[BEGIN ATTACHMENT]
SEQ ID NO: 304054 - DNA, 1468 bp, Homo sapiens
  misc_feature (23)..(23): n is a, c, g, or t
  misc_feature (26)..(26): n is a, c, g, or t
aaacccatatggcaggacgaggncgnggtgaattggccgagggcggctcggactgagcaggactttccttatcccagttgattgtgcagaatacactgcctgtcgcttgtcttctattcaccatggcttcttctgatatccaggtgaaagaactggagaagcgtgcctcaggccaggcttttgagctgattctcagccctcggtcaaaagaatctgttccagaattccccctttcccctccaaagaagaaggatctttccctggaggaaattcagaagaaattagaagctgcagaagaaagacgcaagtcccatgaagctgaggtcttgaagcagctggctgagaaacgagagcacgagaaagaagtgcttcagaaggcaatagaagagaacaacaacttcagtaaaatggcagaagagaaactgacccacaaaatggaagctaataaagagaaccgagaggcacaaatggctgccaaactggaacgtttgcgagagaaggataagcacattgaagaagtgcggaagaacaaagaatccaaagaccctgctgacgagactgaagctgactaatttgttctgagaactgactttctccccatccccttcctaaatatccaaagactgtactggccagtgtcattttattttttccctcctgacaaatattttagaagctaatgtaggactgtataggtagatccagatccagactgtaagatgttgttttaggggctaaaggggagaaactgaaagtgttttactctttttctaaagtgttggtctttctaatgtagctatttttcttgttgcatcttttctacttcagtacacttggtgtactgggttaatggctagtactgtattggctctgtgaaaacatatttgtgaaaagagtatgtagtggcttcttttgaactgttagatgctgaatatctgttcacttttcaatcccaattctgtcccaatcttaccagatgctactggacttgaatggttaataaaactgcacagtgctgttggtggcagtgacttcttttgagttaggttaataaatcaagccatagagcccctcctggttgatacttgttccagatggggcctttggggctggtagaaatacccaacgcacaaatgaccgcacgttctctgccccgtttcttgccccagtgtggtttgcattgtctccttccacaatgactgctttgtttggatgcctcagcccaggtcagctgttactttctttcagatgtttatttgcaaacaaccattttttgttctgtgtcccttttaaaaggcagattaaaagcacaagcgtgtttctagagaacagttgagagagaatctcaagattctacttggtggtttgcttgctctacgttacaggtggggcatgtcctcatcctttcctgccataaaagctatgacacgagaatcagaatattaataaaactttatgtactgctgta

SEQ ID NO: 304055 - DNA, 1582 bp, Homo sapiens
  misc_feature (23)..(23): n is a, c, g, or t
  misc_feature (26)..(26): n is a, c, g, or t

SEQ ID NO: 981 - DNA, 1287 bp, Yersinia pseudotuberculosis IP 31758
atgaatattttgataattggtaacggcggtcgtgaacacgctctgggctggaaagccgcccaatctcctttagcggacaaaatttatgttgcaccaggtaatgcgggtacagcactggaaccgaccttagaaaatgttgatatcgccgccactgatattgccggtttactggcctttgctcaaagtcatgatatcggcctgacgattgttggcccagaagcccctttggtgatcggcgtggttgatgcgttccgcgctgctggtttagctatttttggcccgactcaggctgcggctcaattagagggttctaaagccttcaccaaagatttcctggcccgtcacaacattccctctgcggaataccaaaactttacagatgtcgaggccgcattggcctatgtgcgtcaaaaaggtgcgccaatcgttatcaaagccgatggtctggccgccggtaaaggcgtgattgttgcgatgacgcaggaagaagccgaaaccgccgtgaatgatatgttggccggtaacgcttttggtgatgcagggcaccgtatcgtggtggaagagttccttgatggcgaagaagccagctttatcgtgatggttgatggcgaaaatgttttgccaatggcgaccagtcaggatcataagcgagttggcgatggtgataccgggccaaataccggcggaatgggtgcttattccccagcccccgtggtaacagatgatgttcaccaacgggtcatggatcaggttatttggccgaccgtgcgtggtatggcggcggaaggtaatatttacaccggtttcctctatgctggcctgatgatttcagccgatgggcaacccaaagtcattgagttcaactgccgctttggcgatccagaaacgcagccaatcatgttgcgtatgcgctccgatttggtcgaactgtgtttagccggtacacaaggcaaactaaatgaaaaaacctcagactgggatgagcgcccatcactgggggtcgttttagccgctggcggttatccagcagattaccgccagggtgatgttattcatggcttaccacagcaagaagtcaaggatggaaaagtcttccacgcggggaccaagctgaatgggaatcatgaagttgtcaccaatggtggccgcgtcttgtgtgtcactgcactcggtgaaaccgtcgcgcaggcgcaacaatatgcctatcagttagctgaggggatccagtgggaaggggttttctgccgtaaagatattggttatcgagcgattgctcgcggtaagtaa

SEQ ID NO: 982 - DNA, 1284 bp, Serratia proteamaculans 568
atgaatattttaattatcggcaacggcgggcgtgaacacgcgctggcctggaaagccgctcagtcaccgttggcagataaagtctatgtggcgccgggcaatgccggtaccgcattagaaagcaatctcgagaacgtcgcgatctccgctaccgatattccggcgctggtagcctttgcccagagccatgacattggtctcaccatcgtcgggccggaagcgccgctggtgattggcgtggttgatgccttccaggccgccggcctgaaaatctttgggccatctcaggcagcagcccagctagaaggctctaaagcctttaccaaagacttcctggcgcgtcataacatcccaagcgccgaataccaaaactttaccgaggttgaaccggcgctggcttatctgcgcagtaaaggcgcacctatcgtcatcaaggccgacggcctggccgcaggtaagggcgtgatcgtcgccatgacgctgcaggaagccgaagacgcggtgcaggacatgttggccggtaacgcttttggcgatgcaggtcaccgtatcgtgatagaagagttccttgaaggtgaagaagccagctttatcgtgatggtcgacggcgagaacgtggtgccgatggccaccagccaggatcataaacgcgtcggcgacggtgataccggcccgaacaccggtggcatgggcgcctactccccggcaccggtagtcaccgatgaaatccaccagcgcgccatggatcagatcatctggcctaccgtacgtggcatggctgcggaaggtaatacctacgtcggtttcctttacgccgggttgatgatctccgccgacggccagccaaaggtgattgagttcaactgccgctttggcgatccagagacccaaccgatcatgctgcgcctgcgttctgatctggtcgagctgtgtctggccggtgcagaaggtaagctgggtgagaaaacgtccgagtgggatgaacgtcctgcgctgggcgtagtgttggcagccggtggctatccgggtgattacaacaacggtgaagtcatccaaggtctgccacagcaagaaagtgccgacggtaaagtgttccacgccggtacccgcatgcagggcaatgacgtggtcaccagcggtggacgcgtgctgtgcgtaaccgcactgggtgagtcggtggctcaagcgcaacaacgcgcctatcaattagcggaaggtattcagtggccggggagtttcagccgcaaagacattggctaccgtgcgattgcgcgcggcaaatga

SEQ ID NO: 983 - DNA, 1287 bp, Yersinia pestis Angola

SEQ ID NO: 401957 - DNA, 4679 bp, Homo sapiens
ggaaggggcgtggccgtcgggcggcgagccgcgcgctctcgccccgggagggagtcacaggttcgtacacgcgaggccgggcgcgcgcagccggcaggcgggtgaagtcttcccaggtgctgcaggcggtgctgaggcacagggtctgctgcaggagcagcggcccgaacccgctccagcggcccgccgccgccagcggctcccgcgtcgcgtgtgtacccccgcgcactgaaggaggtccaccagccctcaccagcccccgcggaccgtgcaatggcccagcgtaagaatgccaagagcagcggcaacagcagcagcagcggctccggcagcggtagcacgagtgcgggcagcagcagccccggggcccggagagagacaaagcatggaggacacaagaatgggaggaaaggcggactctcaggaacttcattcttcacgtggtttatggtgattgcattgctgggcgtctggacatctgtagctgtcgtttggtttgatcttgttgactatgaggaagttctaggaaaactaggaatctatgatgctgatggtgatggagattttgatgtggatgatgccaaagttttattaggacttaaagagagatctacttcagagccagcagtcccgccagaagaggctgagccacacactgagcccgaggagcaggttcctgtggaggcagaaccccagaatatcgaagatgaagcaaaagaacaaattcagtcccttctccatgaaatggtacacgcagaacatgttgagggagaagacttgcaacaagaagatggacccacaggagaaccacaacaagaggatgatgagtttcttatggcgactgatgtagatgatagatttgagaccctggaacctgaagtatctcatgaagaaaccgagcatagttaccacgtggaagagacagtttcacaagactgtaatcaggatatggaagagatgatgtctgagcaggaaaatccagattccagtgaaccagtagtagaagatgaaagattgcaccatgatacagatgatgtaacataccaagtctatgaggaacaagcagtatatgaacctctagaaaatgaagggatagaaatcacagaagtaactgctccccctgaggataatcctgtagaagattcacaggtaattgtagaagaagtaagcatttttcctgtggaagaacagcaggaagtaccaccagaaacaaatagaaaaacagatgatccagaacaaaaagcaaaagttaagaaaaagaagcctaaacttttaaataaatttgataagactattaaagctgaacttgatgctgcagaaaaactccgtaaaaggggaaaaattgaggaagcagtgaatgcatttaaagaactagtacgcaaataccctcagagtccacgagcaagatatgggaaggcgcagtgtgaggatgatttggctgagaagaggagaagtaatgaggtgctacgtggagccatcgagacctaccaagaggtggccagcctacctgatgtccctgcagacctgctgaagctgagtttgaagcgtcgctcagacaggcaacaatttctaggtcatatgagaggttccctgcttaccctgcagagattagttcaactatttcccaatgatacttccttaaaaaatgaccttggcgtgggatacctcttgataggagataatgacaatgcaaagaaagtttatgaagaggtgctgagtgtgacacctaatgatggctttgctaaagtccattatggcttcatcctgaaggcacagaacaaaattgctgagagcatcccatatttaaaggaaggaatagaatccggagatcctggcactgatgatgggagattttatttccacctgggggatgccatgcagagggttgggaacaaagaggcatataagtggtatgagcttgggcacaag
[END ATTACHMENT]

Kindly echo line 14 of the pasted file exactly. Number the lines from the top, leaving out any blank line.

ggaaggggcgtggccgtcgggcggcgagccgcgcgctctcgccccgggagggagtcacaggttcgtacacgcgaggccgggcgcgcgcagccggcaggcgggtgaagtcttcccaggtgctgcaggcggtgctgaggcacagggtctgctgcaggagcagcggcccgaacccgctccagcggcccgccgccgccagcggctcccgcgtcgcgtgtgtacccccgcgcactgaaggaggtccaccagccctcaccagcccccgcggaccgtgcaatggcccagcgtaagaatgccaagagcagcggcaacagcagcagcagcggctccggcagcggtagcacgagtgcgggcagcagcagccccggggcccggagagagacaaagcatggaggacacaagaatgggaggaaaggcggactctcaggaacttcattcttcacgtggtttatggtgattgcattgctgggcgtctggacatctgtagctgtcgtttggtttgatcttgttgactatgaggaagttctaggaaaactaggaatctatgatgctgatggtgatggagattttgatgtggatgatgccaaagttttattaggacttaaagagagatctacttcagagccagcagtcccgccagaagaggctgagccacacactgagcccgaggagcaggttcctgtggaggcagaaccccagaatatcgaagatgaagcaaaagaacaaattcagtcccttctccatgaaatggtacacgcagaacatgttgagggagaagacttgcaacaagaagatggacccacaggagaaccacaacaagaggatgatgagtttcttatggcgactgatgtagatgatagatttgagaccctggaacctgaagtatctcatgaagaaaccgagcatagttaccacgtggaagagacagtttcacaagactgtaatcaggatatggaagagatgatgtctgagcaggaaaatccagattccagtgaaccagtagtagaagatgaaagattgcaccatgatacagatgatgtaacataccaagtctatgaggaacaagcagtatatgaacctctagaaaatgaagggatagaaatcacagaagtaactgctccccctgaggataatcctgtagaagattcacaggtaattgtagaagaagtaagcatttttcctgtggaagaacagcaggaagtaccaccagaaacaaatagaaaaacagatgatccagaacaaaaagcaaaagttaagaaaaagaagcctaaacttttaaataaatttgataagactattaaagctgaacttgatgctgcagaaaaactccgtaaaaggggaaaaattgaggaagcagtgaatgcatttaaagaactagtacgcaaataccctcagagtccacgagcaagatatgggaaggcgcagtgtgaggatgatttggctgagaagaggagaagtaatgaggtgctacgtggagccatcgagacctaccaagaggtggccagcctacctgatgtccctgcagacctgctgaagctgagtttgaagcgtcgctcagacaggcaacaatttctaggtcatatgagaggttccctgcttaccctgcagagattagttcaactatttcccaatgatacttccttaaaaaatgaccttggcgtgggatacctcttgataggagataatgacaatgcaaagaaagtttatgaagaggtgctgagtgtgacacctaatgatggctttgctaaagtccattatggcttcatcctgaaggcacagaacaaaattgctgagagcatcccatatttaaaggaaggaatagaatccggagatcctggcactgatgatgggagattttatttccacctgggggatgccatgcagagggttgggaacaaagaggcatataagtggtatgagcttgggcacaag